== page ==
The securing of an adequate water supply has become one of the most critical problems facing many societies today. Fresh water, needed by human beings to sustain life, health and productive activities, constitutes only 0.8% of the world's total water supply, and it is not known just what portion of this amount is contaminated. Lack of water and ensuing poor sanitation are responsible for disability, disease and death, especially among infants and young children. Women, traditionally the world's water-bearers, suffer particular hardships. The time and energy they consume in fetching water from long distances might otherwise be devoted to caring for their families – or to educational or income earning pursuits of benefit to the entire community.
Of all environmental ills, contaminated drinking water the most devastating in its consequences. Each year 10 million deaths are directly attributable to waterborne intestinal diseases. One-third of humanity labours in a perpetual state of illness or debility as a result of impure water; another third is threatened by the release into water of chemical substances whose long-term effects are unknown.
Global water use doubled between 1940 and 1980, and is expected to double again by 2000. Yet 80 countries, with 40% of the world's population, already suffer serious water shortages. There will be growing competition for water for irrigation, industry and domestic use. River water disputes have already occurred in North America (the Rio Grande), South America (the Rio del la Plata and Parana), South and Southeast Asia (the Mekong and Ganges), Africa (the Nile), and the Middle East (the Jordan, Litani, Orontes, and the Euphrates).
Barely 70% of the urban population in developing countries has access to a water supply: that is, to running water, tube wells, etc. The figure is significantly lower in rural areas, where only 12% of the population has reasonable access to a water supply. Some of the serious communicable and parasitic diseases in the developing countries, affecting millions of people, can be directly related to the water conditions prevailing in their immediate environment; according to a WHO report, about 80% of all known diseases are related to water misuse. A lack of basic sanitation, nutrition, water supply and sewage facilities provokes great centres of infection, which are characteristic of the developing countries.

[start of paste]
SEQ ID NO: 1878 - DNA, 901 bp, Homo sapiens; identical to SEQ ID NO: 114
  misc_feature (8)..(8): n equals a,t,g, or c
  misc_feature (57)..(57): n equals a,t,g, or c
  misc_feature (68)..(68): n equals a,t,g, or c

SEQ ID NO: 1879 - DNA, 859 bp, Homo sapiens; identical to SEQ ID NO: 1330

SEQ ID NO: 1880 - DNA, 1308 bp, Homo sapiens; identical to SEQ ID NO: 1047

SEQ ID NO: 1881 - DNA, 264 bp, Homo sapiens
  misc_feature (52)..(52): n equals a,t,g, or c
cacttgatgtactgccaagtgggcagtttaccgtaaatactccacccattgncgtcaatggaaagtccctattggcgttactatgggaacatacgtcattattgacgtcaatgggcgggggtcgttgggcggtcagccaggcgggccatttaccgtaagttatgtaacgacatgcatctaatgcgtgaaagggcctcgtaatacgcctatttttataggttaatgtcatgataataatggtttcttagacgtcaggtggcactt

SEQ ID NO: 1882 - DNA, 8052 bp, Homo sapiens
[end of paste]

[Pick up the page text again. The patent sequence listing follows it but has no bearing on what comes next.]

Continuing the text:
Chemical pollutants, including pesticides and herbicides also produce water shortage by rendering water unpotable. Some chemicals are highly persistent in water and, unlike 'conventional' contaminants, are not amenable to natural purification. This situation is worse in arid zones, where there is little chance of dilution.
Throughout Africa, water is unevenly distributed by nature and unfairly allocated by man. Many African countries already experience water stress or scarcity conditions. By 2010 over 4000 million Africans in at least 17 water-scarce countries will face severe constraints on food production, ecosystems protection and economic development due to water shortage. The poor majority will likely continue to pay the highest price. They already spend a considerable part of their limited income, calories and time to get inadequate amounts of water. In 1996, over half the population still lacks reasonable access to safe water. Even more lack adequate sanitation.
Many parts of the European Region are well endowed with freshwater resources, but shortage of water may be the most urgent environmental problem some countries face. Throughout the 1990s, the CCEE and NIS have been especially severely affected, suffering from a significant period of reduced investment in water supply in addition to organizational disruption.
Global freshwater consumption rose sixfold between 1900 and 1995 – at more than twice the rate of population growth. About one-third of the world's population already lives in countries with moderate to high water stress – that is, where water consumption is more than 10 per cent of the renewable freshwater supply. The problems are most acute in Africa and West Asia but lack of water is already a major constraint to industrial and socio-economic growth in many other areas, including China, India and Indonesia (Roger 1998). In Africa, 14 countries are already subject to water stress or water scarcity, and a further 11 countries will join them in the next 25 years (Johns Hopkins 1998). If present consumption patterns continue, two out of every three persons on Earth will live in water-stressed conditions by the year 2025 (WMO and others 1997). The declining state of the world's freshwater resources, in terms of quantity and quality, may prove to be the dominant issue on the environment and development agenda of the coming century.
It has been estimated that by 2025 up to 16 per cent of Africa's population (230 million people) will be living in countries facing water scarcity, and 32 per cent (another 460 million) in water-stressed countries (Johns Hopkins 1998). Africa's share of water on a per capita basis is estimated to have declined by as much as 50 per cent since 1950 (Bryant 1994).
In 2000, estimated 1 milliard people worldwide lacked clean drinking water and around 3 milliard did not have adequate sanitation.
In the maquiladora zones of Mexico, water is so scarce that babies and children drink Coca-Cola and Pepsi instead.